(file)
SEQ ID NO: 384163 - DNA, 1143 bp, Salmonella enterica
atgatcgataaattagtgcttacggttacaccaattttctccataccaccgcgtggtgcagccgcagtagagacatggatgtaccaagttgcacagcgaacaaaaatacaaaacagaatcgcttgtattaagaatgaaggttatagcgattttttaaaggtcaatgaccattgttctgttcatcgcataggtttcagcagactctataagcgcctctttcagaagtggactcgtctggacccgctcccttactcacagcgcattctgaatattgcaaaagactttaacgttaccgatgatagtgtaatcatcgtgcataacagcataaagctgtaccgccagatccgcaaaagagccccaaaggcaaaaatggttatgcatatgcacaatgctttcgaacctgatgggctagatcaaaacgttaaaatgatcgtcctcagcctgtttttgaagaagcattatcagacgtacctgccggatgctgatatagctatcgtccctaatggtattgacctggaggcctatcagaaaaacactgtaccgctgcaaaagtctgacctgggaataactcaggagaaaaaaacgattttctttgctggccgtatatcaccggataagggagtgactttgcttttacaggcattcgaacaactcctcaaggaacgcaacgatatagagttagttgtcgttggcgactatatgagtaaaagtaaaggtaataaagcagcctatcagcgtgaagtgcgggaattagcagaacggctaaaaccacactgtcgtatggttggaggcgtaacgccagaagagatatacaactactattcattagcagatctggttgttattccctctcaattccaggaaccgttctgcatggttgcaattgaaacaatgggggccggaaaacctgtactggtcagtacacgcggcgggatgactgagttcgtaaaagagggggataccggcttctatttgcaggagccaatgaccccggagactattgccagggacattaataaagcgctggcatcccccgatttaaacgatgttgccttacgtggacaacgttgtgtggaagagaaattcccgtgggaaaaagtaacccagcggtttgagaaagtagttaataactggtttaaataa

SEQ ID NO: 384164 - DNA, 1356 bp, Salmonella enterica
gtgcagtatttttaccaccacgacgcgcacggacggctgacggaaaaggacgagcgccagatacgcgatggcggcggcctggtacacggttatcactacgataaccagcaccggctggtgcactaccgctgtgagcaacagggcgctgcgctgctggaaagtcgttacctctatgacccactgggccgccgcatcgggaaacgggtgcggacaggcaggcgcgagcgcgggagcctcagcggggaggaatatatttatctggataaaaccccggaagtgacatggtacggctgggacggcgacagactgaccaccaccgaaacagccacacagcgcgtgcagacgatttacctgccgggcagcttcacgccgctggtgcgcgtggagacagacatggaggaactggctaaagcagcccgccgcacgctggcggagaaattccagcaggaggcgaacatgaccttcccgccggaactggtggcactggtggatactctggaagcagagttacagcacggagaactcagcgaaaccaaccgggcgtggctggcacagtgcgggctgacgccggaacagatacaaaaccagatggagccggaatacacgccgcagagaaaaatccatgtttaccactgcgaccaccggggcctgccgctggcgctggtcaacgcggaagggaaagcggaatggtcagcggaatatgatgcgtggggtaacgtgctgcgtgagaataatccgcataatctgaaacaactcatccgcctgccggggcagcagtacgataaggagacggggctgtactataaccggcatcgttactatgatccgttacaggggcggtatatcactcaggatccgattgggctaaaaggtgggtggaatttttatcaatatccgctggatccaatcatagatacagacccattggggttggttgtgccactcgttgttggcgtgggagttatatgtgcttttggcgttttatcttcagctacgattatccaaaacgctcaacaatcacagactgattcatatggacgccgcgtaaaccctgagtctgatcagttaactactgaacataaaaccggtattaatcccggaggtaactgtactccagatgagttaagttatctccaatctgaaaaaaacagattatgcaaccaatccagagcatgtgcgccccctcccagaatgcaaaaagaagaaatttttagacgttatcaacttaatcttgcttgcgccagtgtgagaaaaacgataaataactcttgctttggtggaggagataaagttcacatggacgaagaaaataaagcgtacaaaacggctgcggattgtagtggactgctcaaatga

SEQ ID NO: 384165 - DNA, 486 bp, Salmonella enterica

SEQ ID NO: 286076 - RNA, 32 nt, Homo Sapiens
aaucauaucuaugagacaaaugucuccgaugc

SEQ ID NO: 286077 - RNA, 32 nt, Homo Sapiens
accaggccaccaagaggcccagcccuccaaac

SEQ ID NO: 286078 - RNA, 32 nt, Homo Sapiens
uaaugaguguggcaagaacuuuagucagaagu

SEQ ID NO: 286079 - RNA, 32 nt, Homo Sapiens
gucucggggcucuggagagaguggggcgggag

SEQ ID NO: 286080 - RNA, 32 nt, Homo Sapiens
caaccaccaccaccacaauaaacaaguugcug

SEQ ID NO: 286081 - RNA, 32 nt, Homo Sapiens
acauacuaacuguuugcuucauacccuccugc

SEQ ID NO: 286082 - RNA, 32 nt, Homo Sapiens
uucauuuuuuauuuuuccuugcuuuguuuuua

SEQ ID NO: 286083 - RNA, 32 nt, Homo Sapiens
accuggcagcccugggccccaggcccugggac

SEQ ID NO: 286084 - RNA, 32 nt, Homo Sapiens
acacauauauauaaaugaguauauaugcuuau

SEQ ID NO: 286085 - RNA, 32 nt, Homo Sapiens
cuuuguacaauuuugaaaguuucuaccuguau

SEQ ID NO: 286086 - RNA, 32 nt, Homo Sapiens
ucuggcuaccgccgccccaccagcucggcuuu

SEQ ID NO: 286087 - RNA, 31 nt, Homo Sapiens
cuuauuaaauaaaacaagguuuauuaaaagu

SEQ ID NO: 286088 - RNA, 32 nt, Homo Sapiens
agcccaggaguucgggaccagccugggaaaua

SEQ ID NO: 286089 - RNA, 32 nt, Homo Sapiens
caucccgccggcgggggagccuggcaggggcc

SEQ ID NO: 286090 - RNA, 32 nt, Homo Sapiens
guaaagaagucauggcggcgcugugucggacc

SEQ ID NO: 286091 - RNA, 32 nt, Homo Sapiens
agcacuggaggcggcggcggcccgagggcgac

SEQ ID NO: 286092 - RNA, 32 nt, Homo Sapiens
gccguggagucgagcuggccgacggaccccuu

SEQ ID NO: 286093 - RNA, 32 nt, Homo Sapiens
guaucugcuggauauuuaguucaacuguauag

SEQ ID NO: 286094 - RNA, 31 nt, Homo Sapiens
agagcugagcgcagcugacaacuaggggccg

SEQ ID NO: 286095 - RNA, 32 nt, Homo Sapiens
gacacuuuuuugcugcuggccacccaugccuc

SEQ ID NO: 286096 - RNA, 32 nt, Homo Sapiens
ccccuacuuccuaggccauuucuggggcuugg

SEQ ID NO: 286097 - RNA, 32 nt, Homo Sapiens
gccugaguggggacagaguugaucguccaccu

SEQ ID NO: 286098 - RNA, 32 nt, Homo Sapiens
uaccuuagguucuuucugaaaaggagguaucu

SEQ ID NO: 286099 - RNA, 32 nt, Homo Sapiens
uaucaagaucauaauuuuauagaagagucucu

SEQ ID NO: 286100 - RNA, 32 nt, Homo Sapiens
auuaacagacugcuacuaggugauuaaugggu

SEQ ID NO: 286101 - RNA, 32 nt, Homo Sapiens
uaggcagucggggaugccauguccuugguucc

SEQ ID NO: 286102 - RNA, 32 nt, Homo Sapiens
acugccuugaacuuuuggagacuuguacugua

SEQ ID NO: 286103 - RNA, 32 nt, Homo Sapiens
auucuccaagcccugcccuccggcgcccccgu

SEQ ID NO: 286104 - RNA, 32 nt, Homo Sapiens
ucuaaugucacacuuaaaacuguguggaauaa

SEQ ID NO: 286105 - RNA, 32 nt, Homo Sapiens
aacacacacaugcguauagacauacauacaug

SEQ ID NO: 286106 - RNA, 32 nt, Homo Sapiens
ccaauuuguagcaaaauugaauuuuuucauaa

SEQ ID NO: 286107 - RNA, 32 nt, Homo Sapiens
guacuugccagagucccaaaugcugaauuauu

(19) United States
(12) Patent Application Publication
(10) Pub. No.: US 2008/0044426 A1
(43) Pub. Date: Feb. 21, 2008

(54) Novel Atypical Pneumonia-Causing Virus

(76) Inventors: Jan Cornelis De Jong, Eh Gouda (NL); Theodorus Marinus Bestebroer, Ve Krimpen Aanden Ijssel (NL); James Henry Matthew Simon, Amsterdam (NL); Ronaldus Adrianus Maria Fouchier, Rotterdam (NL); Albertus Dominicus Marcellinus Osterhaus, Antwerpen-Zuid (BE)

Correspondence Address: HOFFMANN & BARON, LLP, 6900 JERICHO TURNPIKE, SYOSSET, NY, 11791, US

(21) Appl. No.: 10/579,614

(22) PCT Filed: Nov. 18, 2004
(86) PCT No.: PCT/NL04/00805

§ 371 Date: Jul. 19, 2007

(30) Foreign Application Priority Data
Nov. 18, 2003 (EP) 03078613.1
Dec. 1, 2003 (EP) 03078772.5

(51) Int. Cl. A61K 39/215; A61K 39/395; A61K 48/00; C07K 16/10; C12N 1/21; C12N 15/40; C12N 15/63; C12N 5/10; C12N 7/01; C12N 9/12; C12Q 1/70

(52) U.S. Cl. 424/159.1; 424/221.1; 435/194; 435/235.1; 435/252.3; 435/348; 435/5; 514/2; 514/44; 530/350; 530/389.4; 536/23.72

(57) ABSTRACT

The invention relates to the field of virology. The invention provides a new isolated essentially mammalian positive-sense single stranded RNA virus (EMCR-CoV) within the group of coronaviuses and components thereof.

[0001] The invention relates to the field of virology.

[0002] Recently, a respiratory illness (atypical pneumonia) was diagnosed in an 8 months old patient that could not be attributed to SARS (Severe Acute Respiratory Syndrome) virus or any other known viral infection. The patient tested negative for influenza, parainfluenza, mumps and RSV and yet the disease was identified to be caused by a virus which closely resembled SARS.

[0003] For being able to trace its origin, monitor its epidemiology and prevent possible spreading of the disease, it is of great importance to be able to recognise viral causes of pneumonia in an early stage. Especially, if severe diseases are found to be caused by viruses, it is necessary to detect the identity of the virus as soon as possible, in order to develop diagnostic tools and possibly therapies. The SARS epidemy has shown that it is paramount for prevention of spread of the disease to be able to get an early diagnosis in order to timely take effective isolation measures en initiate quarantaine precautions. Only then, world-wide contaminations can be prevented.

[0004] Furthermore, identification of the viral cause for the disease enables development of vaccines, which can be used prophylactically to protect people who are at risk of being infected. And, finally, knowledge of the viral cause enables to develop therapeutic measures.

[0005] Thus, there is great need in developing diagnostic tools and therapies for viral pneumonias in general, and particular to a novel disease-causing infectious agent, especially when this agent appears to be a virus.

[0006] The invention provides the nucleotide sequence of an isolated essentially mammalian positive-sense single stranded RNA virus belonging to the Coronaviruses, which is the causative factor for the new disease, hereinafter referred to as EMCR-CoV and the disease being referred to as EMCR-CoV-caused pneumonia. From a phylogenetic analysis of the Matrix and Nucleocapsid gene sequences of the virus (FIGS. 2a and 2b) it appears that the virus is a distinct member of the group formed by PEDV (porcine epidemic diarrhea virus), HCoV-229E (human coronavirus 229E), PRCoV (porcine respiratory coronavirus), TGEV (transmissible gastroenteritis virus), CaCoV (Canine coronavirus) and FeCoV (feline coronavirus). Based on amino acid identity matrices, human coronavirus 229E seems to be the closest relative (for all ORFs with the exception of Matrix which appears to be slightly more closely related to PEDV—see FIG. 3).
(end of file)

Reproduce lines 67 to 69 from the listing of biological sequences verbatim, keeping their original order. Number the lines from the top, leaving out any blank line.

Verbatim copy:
ccaauuuguagcaaaauugaauuuuuucauaa

SEQ ID NO: 286107 - RNA, 32 nt, Homo Sapiens
guacuugccagagucccaaaugcugaauuauu